Gender-based violence (GBV) is the violence perpetrated specifically against a man or a woman because of his or her sex. The relation between men and women is mostly characterized by a dominant power of men, where women are vulnerable and victims. GBV is one of the most increasing human rights violations around the world. And, violence against women is the most perpetrated form of GBV worldwide. The Convention of Elimination of Discrimination Against Women (CEDAW), a very well known legal instrument, defines GBV as violence that is directed against a woman because she is a woman or that affects women disproportionately.

It can manifests in various ways: physical, sexual, psychological, or economical and does not select people because of their age, race, culture, wealth, or geographical position. 1 in 3 women and girls experience violence in their lifetime. 7 in 1O assaults against women are perpetrated by an intimate partner. 1 in 30 murder victims are killed by their husband or boyfriend. The first sexual experience of some 30 percent of women was forced. And, the percentage is even higher among those who were under 15 at the time, with up to 45 percent reporting that the experience was nonconsensual.

Every woman has the right to live her life safely and free of violence. A life without violence is essential to women’s health, to everyone’s well-being.

With more than 90 countries in lockdown, four billion people are now shielding at home from the spread of the COVID-19. It is surely an effective measure but it brings another fatal danger. The United Nations Women section saw a shadow pandemic growing of violence against women. Confinement is developing the tension and worry created by security, health, and financial worries. And it is increasing isolation for women with violent partners, separating them from the people and resources that can best help them.

India. Domestic violence cases have doubled since the lockdown. And, the National Commission for Women chief stated that cases of domestic violence are high in Uttar Pradesh, Bihar, Haryana, and Punjab. The main reason is that the men are at home and they are taking out their frustration on women and they refuse to participate in domestic work. Women are also confined within the four walls of the house and they cannot share their grief with anybody. The total complaints from women rose from 116 in the first week of March to 257 in the final week. In New Delhi, the Childline Indian helpline received more than 92,000 SOS calls asking for protection from abuse and violence in 11 days, a dark indication that the lockdown has turned into extended captivity not just for many women but also for children trapped with abusers at home.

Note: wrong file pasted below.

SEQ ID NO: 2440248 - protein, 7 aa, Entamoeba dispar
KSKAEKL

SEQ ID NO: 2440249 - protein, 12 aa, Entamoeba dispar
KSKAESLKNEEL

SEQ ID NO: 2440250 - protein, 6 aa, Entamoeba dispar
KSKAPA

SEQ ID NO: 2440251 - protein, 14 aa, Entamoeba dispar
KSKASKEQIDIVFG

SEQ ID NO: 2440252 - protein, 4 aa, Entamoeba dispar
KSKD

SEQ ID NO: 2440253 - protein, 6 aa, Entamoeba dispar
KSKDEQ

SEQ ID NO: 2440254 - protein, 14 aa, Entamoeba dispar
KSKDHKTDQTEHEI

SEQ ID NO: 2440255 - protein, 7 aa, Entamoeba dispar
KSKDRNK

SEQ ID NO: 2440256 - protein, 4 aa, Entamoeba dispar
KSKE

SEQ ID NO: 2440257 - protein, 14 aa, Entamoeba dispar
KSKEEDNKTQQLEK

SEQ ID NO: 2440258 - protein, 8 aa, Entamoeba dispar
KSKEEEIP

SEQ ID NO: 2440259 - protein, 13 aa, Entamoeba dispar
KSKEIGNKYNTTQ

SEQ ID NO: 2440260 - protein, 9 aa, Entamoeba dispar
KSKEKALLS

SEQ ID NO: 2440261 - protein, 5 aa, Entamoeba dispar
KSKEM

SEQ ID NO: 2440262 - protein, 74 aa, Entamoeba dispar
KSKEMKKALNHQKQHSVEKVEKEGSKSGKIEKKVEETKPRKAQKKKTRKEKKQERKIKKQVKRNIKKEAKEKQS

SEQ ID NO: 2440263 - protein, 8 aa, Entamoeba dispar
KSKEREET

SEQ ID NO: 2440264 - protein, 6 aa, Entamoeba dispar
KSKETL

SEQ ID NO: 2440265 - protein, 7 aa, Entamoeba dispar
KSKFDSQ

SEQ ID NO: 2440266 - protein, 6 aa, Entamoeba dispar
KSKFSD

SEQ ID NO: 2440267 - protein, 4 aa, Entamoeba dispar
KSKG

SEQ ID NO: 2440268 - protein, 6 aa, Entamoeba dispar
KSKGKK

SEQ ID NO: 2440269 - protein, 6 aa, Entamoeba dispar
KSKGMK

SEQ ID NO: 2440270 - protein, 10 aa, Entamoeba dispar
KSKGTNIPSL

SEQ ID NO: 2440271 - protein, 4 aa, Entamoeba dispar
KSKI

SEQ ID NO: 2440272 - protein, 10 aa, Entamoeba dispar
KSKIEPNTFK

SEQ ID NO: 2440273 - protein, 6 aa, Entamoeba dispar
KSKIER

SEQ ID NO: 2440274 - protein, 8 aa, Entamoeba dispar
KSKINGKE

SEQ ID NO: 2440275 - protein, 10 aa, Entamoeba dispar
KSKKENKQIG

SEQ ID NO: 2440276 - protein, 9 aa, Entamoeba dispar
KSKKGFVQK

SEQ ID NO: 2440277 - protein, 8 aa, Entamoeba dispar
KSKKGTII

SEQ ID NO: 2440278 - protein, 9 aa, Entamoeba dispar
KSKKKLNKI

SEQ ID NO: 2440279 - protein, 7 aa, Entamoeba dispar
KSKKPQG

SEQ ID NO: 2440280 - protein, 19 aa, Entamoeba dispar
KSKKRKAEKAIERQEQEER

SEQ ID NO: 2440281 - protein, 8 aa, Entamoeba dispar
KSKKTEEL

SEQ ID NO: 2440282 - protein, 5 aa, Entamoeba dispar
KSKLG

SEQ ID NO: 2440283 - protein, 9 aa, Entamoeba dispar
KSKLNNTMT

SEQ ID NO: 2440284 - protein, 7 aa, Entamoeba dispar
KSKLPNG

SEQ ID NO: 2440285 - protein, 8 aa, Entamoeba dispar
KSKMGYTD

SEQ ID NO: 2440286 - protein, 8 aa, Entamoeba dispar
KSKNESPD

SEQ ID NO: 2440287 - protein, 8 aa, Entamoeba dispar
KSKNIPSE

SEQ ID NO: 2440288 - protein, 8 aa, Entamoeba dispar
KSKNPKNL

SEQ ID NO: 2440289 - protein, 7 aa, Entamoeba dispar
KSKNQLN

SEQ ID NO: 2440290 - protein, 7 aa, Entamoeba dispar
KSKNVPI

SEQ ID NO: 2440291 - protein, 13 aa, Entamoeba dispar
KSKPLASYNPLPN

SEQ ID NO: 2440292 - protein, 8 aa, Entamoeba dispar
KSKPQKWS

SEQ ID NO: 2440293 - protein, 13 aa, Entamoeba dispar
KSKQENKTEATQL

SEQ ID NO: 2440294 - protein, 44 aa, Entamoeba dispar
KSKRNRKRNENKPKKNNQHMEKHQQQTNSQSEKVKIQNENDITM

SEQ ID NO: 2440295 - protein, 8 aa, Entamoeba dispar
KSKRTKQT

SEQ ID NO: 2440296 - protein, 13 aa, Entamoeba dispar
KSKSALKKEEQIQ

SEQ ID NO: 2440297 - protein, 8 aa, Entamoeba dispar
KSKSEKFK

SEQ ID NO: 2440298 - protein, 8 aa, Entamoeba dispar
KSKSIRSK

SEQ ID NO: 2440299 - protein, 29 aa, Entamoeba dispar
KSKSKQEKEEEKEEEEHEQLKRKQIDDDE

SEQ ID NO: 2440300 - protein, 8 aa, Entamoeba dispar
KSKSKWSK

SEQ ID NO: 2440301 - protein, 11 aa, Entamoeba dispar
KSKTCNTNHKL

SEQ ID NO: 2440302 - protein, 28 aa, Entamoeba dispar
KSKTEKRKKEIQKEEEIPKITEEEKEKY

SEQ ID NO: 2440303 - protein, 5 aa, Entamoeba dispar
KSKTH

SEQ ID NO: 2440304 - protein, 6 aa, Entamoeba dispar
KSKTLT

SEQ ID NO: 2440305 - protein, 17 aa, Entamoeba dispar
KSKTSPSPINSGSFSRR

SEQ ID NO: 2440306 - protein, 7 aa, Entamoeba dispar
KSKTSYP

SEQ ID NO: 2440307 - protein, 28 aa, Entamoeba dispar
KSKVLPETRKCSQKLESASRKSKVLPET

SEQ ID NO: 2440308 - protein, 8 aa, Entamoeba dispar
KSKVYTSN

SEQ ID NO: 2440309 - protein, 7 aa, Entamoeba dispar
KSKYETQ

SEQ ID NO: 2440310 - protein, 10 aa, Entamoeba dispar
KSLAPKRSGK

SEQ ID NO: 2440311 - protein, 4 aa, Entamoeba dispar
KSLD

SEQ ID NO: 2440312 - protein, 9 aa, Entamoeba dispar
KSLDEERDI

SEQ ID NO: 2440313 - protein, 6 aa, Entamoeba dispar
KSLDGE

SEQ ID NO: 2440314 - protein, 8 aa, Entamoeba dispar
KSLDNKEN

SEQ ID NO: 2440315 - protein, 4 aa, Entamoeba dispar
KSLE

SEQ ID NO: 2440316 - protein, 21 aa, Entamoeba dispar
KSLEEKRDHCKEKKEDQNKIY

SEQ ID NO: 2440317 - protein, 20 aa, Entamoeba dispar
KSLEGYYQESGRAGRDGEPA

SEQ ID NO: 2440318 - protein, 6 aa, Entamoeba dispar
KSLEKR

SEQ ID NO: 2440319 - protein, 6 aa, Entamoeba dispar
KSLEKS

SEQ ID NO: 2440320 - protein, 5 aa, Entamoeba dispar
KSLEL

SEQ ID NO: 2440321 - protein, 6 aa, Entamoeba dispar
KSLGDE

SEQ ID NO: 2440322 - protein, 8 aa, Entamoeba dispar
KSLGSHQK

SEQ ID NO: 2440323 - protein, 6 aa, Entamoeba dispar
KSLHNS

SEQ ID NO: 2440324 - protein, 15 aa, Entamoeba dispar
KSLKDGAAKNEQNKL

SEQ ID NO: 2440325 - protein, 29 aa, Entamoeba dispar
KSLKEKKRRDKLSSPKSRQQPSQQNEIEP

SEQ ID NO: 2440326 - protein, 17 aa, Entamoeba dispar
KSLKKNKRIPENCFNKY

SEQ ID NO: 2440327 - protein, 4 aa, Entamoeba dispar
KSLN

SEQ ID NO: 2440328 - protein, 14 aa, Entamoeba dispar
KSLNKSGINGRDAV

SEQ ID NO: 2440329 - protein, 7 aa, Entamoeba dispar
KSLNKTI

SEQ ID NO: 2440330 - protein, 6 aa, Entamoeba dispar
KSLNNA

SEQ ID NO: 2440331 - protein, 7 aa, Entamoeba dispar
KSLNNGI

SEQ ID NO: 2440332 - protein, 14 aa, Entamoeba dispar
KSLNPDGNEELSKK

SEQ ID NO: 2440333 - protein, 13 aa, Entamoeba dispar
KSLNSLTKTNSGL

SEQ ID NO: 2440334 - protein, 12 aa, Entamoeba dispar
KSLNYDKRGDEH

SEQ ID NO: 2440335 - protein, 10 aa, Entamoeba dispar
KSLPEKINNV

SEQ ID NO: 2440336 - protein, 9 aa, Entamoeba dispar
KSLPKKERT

South Africa. In Johannesburg, the Police Minister said that police have received more than 87,000 GBV complaints during the first week of the 21-day national lockdown. One of these cases included one in which a police officer was arrested for allegedly raping his wife. In Cape Town, the National Gender-based Violence Command Center has received triple the amount of calls during the national lockdown at the beginning of April. This massive flow in requests for help is also affecting the social workers who are operating at the Command Center. Therefore, 1st for Women Insurance, an insurance provider has donated headsets, hand sanitizers, masks, gloves, and trauma debriefing services to all social workers and supervisors at the GBV Command Center to reduce secondary traumatic stress and burnout.

Phumzile Mlambo-Ngcuka, Executive Director of UN Women, said that “Helplines, psychological support, and online counseling should be boosted, using technology-based solutions such as SMS, online tools and networks to expand social support and to reach women with no access to phones and internet. Police and justice services must mobilize to ensure that incidents of violence against women and girls are given high priority with no impunity for perpetrators”.

This global pandemic of Coronavirus is not only affecting our countries’ economic situation but also our social well-being. We just have to live accordingly and behave correctly.